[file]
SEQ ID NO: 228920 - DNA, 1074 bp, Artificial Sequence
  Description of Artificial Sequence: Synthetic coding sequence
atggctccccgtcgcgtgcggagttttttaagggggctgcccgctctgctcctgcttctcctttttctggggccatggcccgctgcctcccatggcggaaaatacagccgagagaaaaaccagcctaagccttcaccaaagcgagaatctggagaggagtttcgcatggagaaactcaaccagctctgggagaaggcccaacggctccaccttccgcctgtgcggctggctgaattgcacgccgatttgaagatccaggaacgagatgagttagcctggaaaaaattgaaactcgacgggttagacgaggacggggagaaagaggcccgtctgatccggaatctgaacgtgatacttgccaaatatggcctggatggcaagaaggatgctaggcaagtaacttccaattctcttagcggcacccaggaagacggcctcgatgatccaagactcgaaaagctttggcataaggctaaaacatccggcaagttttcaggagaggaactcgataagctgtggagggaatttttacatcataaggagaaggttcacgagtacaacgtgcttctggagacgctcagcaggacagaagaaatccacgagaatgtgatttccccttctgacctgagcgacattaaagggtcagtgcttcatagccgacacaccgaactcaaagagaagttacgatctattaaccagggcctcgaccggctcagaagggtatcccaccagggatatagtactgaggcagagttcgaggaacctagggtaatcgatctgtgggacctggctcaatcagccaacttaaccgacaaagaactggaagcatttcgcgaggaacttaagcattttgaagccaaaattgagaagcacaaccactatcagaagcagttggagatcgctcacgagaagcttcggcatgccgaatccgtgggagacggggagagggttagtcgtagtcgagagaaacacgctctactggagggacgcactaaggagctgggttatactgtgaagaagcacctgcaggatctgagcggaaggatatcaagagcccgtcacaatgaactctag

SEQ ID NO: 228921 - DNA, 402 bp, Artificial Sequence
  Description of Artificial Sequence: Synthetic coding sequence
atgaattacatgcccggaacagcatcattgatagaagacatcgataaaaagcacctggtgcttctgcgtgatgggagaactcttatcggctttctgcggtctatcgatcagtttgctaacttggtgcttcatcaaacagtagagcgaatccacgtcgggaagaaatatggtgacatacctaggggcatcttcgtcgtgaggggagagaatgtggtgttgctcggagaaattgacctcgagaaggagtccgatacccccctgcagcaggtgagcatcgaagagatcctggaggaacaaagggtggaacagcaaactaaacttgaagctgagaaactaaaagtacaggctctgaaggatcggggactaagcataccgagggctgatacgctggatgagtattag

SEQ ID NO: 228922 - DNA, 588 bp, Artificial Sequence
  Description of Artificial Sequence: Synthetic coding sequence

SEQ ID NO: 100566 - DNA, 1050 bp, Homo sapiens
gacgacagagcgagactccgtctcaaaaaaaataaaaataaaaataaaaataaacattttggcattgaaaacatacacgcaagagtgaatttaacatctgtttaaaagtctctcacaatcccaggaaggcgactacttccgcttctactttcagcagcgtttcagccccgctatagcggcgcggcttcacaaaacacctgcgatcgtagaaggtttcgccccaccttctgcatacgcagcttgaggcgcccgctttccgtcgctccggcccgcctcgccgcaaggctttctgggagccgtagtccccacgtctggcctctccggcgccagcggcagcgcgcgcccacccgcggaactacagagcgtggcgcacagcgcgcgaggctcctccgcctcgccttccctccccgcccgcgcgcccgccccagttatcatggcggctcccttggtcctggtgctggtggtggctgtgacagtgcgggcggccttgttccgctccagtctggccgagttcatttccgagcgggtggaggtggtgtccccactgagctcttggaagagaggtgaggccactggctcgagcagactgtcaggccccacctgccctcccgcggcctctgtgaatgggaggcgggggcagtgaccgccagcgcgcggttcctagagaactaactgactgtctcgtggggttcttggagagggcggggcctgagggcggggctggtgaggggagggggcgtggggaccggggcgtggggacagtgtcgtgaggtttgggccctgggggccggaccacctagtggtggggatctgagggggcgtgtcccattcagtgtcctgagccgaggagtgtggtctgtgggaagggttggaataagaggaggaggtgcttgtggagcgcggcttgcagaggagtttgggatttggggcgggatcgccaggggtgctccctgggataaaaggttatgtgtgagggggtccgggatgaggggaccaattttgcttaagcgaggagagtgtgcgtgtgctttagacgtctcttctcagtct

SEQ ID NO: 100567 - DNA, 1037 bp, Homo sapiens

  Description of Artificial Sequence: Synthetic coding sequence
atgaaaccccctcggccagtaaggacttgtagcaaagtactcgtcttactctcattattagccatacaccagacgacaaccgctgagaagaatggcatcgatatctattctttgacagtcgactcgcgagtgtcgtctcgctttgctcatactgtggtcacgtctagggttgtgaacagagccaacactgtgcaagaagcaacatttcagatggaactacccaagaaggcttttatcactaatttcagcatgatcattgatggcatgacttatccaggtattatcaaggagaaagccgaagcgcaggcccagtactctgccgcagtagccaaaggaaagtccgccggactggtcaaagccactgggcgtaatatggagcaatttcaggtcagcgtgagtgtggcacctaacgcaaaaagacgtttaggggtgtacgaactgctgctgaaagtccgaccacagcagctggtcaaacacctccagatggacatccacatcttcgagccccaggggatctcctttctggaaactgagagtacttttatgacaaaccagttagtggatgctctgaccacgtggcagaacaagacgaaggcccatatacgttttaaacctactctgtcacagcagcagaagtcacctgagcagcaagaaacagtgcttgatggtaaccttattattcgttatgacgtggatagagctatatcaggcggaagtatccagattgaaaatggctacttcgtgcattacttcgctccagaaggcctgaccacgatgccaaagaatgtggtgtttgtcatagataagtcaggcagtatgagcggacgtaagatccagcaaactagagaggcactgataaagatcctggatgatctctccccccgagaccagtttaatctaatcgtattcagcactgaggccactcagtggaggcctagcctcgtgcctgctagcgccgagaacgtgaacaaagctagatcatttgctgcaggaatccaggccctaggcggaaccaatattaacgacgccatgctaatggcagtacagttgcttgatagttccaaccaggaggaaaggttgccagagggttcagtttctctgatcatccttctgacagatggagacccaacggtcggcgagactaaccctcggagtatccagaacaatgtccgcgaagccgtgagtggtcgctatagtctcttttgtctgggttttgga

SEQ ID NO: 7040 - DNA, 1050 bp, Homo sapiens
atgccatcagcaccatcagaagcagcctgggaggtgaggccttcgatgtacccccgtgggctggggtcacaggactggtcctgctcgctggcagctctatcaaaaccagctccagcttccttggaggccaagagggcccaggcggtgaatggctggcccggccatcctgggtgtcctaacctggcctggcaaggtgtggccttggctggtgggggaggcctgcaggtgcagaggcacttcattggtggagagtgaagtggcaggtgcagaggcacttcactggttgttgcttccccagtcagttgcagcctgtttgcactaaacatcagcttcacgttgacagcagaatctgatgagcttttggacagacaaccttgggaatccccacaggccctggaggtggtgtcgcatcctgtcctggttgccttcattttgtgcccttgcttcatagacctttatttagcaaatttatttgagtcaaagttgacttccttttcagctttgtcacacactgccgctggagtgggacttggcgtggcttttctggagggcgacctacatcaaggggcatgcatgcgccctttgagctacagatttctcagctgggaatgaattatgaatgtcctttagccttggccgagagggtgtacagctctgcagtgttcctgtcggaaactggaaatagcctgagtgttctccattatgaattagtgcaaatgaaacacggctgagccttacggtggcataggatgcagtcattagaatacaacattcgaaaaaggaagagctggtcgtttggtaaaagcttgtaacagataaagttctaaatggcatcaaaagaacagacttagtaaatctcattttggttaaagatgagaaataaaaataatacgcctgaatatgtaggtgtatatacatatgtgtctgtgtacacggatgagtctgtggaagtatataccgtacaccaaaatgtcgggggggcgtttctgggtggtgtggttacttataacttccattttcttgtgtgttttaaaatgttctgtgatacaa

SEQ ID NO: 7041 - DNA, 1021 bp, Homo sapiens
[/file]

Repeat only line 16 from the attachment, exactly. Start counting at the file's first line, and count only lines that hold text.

SEQ ID NO: 7041 - DNA, 1021 bp, Homo sapiens